I’m on a bus winding my way up the hill towards Potůčky, which is a little village on the Czech-German border. It’s in the north west of the Czech Republic, and is apparently a favourite spot for German tourists. So, we’re going to see if that is at all the case, and whether life has changed for inhabitants on both the Czech and the German side of the border three months after the Czech Republic’s entry into the Schengen zone.
Vlastimil Ondra is the deputy mayor of Potůčky. He explains to me just quite how popular his town is with its German neighbours:
“On average 2000 German visitors come to Potůčky daily. In the winter and at this time of year, maybe the numbers are slightly lower, but in the summer we can have days where up to 15,000 Germans come to visit the town. One of the main attractions for tourists is the market which is run by the Vietnamese people living in this town. The market has brought Potůčky a reputation not only in the Czech Republic but also in Germany.”
I meet a shopkeeper with a rather permanent-looking stall in the centre of Potůčky. He talks me through his best-selling products. Traditional Czech spa wafers, spirits like Becherovka and cigarettes, he says, all bring in the most money. Business might not be booming this March morning, but then that’s normal for this time of year. In fact, he says, he’s noticed no change in the make-up of his clientele, nor in visitor numbers, since the Czech Republic entered into the Schengen zone three months ago.
In a nearby restaurant sits one of his customers:
Can you tell me your name?
And whereabouts are you from?
“I am from Greiz in Thuringia, and we are here on a school trip to Johanngeorgenstadt.”
“We’re here to buy cigarettes and get something to eat, because it is cheaper.”
And is this your first visit to the Czech Republic?
“No, I’ve been here with my parents to buy food in the supermarket, and I have been here on holiday before too.”
The Czech Republic entered the Schengen zone in December, is it easier for you to come here now - is it any different traveling from one country to the other?
“Yes, you don’t need your passport to cross the border any more, but the prices of things here have shot up.”
Potůčky got its name from the babbling brooks which run through the village. The settlement is tucked away in a valley and surrounded by forest and sky. But locals are worried that Potůčky’s natural beauty could be threatened by all of the traffic now able to pass through the town unhindered, as this man attending one of the town’s several gargantuan car parks explains:
“The only problem with Schengen has been the increased amount of traffic. Because the border crossing point for vehicles has been done away with. And now they are thinking of extending the motorway from Chemnitz and Zwickau right the way through to Karlovy Vary, which would be terrible. The pollution is becoming terrible, and you can see for yourself, just look at the amount of traffic!”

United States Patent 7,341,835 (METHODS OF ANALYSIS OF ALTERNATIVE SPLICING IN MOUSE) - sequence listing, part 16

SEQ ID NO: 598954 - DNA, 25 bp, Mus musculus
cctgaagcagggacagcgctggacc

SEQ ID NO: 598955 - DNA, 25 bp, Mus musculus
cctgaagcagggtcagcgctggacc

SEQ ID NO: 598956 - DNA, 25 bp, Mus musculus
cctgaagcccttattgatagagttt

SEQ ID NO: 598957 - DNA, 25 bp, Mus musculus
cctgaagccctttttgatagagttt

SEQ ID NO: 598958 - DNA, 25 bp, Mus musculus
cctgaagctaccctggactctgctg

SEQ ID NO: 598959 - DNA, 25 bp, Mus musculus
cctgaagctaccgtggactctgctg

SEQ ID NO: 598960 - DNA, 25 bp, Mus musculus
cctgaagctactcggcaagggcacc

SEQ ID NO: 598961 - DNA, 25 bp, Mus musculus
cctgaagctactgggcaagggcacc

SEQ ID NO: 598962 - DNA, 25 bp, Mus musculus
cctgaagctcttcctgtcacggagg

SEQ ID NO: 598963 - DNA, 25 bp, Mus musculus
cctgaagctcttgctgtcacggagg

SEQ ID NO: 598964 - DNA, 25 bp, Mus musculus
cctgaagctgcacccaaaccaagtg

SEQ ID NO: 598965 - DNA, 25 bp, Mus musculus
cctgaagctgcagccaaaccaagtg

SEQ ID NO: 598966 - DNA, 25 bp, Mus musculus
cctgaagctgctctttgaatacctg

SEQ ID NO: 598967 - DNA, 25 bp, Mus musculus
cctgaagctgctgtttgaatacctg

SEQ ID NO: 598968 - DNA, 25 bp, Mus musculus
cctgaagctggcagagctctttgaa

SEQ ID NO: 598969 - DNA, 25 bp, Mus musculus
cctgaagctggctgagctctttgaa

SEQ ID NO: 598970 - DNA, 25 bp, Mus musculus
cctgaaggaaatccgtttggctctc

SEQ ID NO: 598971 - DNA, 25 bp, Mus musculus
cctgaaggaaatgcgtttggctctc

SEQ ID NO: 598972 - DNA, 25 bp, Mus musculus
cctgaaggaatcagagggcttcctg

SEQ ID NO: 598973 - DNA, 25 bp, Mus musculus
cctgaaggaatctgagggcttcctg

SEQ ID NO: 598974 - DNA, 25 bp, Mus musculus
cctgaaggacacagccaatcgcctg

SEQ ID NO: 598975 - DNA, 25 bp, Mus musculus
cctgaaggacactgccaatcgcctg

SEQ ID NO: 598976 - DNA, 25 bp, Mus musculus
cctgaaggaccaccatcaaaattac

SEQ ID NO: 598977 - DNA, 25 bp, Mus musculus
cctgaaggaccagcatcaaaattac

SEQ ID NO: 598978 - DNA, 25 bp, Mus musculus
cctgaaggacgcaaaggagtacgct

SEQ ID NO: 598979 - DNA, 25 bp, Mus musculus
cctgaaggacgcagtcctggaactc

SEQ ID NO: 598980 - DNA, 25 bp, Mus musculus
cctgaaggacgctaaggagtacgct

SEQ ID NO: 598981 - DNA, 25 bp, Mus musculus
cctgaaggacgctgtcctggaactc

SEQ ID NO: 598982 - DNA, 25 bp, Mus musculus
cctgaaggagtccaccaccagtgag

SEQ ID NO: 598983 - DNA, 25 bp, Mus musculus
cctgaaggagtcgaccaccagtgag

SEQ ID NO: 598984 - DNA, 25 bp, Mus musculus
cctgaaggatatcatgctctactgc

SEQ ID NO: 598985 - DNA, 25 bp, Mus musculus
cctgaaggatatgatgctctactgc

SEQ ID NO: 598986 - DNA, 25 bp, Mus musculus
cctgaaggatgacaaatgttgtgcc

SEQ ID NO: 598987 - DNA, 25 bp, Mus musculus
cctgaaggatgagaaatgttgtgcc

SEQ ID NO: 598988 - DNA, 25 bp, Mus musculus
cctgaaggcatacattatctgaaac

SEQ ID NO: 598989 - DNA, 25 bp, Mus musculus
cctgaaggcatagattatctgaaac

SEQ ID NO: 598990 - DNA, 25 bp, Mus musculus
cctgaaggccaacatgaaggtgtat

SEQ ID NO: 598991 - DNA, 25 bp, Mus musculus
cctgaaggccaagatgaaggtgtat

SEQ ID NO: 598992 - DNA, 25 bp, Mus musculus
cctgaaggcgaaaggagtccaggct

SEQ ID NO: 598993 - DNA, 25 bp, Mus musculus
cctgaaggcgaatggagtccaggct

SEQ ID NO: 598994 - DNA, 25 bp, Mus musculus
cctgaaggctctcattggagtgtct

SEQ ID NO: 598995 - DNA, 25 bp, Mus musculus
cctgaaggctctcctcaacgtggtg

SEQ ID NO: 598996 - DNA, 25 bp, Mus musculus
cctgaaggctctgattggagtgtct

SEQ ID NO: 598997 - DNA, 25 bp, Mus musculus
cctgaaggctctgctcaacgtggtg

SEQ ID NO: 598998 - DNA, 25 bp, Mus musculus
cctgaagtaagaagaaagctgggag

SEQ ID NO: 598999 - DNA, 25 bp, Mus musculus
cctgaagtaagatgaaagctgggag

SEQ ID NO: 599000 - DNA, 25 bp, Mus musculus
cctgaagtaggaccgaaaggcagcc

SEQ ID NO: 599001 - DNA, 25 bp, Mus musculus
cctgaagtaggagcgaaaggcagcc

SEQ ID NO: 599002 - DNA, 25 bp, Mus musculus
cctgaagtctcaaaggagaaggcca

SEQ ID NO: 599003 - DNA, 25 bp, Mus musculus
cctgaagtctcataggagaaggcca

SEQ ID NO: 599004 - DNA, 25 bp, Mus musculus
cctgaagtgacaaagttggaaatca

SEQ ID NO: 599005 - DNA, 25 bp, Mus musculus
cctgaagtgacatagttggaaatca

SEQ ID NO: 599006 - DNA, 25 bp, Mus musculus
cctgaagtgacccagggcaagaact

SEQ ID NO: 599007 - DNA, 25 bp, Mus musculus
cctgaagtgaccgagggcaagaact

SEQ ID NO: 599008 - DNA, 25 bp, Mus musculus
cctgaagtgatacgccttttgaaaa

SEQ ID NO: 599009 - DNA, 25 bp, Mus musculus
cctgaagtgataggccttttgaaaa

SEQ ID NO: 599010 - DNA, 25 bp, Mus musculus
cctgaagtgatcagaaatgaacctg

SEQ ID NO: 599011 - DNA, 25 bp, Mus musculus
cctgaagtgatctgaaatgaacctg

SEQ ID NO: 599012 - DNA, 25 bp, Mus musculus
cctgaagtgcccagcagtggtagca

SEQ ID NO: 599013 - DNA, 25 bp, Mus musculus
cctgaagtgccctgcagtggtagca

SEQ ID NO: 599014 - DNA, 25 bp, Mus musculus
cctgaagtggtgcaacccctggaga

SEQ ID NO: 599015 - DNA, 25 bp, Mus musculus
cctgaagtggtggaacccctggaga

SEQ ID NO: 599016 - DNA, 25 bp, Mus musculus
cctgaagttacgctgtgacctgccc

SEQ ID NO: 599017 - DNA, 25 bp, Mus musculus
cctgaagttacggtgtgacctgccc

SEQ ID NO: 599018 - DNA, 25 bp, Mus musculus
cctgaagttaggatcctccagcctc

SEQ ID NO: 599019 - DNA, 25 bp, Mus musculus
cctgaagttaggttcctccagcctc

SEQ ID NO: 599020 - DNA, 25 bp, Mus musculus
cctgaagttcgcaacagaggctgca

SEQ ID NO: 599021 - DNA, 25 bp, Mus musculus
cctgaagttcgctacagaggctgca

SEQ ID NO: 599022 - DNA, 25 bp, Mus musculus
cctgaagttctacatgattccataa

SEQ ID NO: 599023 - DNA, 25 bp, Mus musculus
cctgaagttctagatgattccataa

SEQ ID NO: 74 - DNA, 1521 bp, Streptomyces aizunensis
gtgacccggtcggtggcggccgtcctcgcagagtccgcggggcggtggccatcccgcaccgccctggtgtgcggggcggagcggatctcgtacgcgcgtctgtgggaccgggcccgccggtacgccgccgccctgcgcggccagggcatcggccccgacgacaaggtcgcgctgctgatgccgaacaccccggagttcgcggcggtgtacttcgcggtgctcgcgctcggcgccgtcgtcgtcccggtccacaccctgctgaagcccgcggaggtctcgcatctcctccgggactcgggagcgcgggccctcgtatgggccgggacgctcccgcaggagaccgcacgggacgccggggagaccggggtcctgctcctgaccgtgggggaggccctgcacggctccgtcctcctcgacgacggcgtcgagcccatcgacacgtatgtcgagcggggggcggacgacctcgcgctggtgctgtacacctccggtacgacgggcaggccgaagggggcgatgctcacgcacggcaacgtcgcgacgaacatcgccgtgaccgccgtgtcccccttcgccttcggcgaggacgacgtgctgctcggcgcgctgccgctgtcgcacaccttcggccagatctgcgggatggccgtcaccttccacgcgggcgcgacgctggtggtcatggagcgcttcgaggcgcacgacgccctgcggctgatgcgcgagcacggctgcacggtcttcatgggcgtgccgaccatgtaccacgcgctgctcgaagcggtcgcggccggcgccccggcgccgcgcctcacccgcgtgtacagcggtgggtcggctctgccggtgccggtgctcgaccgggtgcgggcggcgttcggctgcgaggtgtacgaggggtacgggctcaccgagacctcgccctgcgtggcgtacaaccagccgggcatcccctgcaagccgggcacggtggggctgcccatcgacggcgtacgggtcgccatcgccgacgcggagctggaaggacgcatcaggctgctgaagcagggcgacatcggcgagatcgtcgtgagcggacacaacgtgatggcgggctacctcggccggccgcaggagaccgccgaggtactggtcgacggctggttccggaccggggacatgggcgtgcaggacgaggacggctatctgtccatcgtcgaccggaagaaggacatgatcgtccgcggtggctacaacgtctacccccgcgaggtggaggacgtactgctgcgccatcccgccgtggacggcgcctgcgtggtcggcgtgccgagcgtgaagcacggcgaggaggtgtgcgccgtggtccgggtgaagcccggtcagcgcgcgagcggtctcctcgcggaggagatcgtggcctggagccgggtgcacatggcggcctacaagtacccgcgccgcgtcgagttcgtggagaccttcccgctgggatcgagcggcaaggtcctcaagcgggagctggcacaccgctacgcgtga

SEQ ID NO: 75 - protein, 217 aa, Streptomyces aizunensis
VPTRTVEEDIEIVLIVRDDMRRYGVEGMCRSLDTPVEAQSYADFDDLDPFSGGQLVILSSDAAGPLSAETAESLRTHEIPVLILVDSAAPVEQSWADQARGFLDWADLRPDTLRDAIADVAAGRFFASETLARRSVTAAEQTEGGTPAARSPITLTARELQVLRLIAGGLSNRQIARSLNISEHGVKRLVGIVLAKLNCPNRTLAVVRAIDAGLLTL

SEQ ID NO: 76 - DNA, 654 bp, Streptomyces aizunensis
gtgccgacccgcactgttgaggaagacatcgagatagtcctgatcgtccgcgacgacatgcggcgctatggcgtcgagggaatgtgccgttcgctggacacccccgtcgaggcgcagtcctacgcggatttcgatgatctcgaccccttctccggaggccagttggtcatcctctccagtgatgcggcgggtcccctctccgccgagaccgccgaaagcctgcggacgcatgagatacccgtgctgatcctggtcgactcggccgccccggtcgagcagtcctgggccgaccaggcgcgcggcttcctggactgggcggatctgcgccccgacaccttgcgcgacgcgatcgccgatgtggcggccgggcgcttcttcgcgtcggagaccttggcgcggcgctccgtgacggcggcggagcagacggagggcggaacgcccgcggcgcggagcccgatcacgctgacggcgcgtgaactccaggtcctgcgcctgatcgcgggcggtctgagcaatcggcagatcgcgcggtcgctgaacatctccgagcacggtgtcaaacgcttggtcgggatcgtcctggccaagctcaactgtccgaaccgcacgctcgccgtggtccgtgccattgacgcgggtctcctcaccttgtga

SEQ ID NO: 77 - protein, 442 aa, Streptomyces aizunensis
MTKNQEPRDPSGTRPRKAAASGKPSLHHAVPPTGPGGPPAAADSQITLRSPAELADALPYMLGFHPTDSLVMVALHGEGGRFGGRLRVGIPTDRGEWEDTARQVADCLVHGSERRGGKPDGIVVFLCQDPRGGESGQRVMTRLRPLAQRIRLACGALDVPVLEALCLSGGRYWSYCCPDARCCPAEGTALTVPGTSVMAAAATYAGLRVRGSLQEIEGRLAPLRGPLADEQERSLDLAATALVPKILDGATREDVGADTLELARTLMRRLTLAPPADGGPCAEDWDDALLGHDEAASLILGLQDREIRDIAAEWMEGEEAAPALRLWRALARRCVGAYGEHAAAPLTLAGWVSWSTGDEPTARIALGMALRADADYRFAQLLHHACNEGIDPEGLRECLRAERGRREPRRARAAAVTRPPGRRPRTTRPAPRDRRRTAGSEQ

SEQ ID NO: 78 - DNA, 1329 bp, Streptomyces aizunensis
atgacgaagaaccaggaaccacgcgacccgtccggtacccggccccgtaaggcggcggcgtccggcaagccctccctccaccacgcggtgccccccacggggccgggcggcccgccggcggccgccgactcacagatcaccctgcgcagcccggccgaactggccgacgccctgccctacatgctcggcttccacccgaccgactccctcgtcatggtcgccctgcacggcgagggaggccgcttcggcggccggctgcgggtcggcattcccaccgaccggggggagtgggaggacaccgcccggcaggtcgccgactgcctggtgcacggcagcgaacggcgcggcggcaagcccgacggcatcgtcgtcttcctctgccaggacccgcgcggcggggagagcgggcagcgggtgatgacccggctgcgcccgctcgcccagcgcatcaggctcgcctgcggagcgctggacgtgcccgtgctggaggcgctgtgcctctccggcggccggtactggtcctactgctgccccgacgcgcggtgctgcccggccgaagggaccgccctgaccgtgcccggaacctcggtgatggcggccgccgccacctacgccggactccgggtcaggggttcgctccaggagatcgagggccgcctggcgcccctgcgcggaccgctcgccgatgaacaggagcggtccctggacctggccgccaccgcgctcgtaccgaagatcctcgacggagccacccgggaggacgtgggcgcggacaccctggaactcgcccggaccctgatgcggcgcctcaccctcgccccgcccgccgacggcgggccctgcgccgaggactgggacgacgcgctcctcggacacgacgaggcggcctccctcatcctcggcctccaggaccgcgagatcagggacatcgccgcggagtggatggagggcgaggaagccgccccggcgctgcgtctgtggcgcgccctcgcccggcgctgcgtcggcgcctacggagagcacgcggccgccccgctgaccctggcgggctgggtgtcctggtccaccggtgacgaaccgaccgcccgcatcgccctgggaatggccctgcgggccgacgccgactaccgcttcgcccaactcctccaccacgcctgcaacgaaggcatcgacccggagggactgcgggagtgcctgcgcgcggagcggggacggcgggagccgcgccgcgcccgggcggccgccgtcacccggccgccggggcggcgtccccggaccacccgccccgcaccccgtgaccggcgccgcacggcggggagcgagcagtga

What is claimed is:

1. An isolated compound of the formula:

A lot of the traffic in Potůčky is just passing through. But the village is also a destination for German motorists wanting to stock up on cheaper petrol across the border. Since the Czech Republic entered the Schengen zone, a new gas station has been built in the town. I talked to one of its customers:
Can I ask you what you are doing here and why you are here?
“Because of the cheaper petrol.”
“Not by so much, a few years ago it was much cheaper, but the price has gone up.”
And do you live quite close to the border, or have you had to drive quite a way?
“I live ten kilometers away.”
How often do you come and fill up on petrol?
“Two times a month.”
And has the Czech Republic’s entrance into the Schengen zone made any difference?
“Well, this petrol station is new.”
But back to the town hall. When the Czech Republic joined its neighbour Germany in the Schengen zone last December, did this spark big changes for Vlastimil Ondra and his colleagues in the local authorities?
“I wouldn’t say that entry into the Schengen zone has really proved to be a defining moment for us. The border crossing between here and Germany was opened in 1991, and it was that which really sparked the boom in tourism. The only thing to have changed is that we no longer check people’s passports at the border. The Germans who used to come shopping here still do, there has been no real change, I’d say.”
But, says Mr Ondra, there is still some need for those on the German side of the border to adapt, and that will take time:
“I think that the only problems are on the German side of the border. Germans are just used to speaking their mother tongue, even with foreigners. Just try and find a restaurant in Johanngeorgenstadt which has a Czech menu, whereas all of the restaurants here have staff who are fluent in German as well as Czech. I think it will take generations for that to change.”
During my visit to the town hall in Potůčky, the mayor of the neighbouring German town Johanngeorgenstadt popped over to talk about how people on the German side of the border had reacted to Czechs entering into the Schengen zone. In mayor Holger Hascheck’s view, Germans were skeptical, but three months on, these fears are abating:
“There was a lot of fear about the difference in prices and the difference in wages. People were worried that Czechs would come in and take lower wage jobs in Johanngeorgenstadt, because they could earn slightly more there than they could back at home. But that didn’t end up being the case.”
With that my whistle-stop tour of Potůčky came to an end. It seems that the Czech Republic’s entry into the Schengen zone has had little effect on the day to day life of Potůčky’s inhabitants. But it also seems that with increased cross-border communication, attitudes held by those in Potůčky towards their German neighbours, and vice-versa, are changing slowly, and for the better.
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